Berry v. Schweiker , 675 F.2d 464, 467 (2d Cir. 1982) (per curiam) (quotations in original); see also Rosa v. Callahan , 168 F.3d 72, 77 (2d Cir. 1999); 20 C.F.R. § 404.1520.
8. While the claimant has the burden of proof as to the first four steps, the Commissioner has the burden of proof on the fifth and final step. See Bowen , 482 U.S. at 146 n.5; Ferraris v. Heckler , 728 F.2d 582, 584 (2d Cir. 1984). The final step of this inquiry is, in turn, divided into two parts. First, the Commissioner must assess the claimant's job qualifications by considering his physical ability, age, education and work experience. Second, the Commissioner must determine whether jobs exist in the national economy that a person having the claimant's qualifications could perform. See 42 U.S.C. § 423(d)(2)(A); 20 C.F.R. § 404.1520(f); Heckler v. Campbell , 461 U.S. 458, 460, 103 S.Ct. 1952, 1954, 76 L.Ed.2d 66 (1983).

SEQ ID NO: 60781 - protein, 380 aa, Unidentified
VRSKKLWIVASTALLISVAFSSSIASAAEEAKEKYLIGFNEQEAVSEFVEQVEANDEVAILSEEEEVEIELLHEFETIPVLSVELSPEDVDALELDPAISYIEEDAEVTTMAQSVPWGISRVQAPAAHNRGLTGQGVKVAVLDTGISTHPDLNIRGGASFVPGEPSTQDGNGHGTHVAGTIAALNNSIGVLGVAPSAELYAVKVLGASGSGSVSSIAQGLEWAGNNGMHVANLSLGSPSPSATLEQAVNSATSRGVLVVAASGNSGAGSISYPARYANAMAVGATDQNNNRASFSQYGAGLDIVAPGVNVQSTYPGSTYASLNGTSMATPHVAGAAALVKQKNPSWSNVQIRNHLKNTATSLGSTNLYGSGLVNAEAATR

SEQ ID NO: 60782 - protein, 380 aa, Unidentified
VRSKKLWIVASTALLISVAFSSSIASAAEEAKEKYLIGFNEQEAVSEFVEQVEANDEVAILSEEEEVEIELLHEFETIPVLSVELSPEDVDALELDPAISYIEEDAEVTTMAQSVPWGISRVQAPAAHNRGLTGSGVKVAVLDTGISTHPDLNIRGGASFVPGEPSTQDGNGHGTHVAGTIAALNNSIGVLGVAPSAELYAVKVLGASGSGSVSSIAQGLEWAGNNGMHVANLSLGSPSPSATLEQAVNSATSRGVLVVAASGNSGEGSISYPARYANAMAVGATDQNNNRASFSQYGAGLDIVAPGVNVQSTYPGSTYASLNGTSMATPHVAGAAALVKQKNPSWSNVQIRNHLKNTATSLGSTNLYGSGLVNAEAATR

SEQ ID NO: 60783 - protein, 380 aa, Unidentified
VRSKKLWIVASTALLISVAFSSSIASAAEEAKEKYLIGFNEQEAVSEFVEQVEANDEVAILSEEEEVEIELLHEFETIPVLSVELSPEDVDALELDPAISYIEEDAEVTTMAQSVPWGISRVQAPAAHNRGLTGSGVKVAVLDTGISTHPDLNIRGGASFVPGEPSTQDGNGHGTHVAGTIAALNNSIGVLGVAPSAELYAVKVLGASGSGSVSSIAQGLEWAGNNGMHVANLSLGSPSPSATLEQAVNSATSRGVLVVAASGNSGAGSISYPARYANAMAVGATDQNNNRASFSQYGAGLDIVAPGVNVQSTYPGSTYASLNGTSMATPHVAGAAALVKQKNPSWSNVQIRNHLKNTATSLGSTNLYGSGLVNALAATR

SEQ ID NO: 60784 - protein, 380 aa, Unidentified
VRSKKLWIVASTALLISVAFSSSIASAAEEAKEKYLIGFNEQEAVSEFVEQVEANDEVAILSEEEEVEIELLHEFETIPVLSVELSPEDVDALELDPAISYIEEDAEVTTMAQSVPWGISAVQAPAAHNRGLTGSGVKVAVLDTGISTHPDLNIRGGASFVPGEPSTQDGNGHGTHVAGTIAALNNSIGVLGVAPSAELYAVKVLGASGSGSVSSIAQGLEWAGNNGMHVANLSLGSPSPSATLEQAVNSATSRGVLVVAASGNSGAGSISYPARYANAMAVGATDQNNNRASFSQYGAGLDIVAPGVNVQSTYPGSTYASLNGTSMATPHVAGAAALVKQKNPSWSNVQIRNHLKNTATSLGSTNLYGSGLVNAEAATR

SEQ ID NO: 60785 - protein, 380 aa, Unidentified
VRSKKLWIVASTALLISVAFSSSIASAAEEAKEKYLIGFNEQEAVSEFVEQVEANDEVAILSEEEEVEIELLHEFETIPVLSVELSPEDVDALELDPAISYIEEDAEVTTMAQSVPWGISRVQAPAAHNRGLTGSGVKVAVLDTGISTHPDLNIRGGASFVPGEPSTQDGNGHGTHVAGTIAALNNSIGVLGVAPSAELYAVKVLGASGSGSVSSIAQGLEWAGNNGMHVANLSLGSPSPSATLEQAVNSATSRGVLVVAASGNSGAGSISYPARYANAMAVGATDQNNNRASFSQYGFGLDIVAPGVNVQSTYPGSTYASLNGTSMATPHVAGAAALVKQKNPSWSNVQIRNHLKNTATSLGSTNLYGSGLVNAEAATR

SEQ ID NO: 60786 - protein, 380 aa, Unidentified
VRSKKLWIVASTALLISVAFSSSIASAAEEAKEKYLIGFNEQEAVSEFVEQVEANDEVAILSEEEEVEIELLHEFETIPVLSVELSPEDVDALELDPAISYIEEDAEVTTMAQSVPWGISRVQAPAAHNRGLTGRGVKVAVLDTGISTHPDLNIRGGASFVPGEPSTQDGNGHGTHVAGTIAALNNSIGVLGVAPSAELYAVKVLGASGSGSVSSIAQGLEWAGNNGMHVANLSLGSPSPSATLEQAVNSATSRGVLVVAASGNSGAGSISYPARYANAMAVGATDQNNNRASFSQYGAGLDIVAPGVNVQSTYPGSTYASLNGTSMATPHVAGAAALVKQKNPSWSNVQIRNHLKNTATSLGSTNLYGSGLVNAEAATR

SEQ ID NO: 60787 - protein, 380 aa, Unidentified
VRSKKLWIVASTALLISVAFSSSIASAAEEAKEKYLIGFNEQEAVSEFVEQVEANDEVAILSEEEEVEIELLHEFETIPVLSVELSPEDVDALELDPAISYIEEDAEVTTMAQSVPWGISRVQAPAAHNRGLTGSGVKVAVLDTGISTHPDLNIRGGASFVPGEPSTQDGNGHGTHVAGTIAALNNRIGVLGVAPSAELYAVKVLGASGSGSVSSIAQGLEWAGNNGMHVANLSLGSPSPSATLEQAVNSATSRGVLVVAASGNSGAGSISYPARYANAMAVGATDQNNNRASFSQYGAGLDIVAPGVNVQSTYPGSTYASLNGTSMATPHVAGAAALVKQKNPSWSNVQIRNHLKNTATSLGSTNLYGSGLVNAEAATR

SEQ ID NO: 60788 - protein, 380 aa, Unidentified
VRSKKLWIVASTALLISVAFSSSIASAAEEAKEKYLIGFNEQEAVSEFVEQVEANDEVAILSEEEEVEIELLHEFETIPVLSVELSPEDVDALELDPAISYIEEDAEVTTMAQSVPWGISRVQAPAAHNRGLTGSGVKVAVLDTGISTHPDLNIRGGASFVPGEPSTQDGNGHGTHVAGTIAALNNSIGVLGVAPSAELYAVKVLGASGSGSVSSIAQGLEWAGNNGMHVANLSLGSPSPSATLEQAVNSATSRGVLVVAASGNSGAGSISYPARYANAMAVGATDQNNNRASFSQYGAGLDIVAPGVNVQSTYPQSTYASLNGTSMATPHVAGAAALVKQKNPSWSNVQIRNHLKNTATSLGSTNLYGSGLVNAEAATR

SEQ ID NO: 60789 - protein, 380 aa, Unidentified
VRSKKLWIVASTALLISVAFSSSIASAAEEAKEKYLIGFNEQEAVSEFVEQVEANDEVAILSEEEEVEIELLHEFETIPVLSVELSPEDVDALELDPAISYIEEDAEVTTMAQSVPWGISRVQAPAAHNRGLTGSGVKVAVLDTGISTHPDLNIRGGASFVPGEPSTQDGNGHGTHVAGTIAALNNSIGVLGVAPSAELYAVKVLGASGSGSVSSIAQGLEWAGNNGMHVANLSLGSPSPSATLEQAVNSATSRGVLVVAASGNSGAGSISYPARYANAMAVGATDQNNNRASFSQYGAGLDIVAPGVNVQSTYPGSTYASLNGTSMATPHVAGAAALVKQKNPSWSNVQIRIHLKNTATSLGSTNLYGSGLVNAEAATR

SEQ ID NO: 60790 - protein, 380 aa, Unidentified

9. In this case, the ALJ made the following findings with regard to the five-step process set forth above: (1) Plaintiff has not engaged in substantial gainful activity since the alleged onset of his disability (R. at 43); (2) Plaintiff's Wericke-Korsakoff syndrome is a "severe impairment" within the meaning of the Act (R. at 43); (3) Plaintiff did not have an impairment or combination of impairments necessary for finding a disabling impairment under the regulations (R. at 44); (4) Plaintiff retained the ability to lift fifty pounds occasionally and twenty-five pounds frequently, to carry/push/pull up to twenty pounds occasionally and ten pounds frequently, to sit and/or stand during the work day, and could maintain a schedule with the aid of an electronic or pocket calender, but was limited to walking about one-fourth of a mile at a time at a reasonable pace with a cane, and performing simple, routine, low-stress tasks with limited public contact, in an environment where he was not exposed to dangerous moving machinery and unprotected heights (R. at 45); and (5) Plaintiff was unable to perform any of his past relevant work (R. at 48). Further, the ALJ determined, based on testimony from a vocational expert, that a number of jobs existed in significant numbers in the national economy which a person of Plaintiff's age, education, and residual function could perform (R. at 48). Based on the record, the ALJ ultimately determined that Plaintiff was not under a disability as defined by the Act at any time through the date of his decision, December 22, 2010 (R. at 49).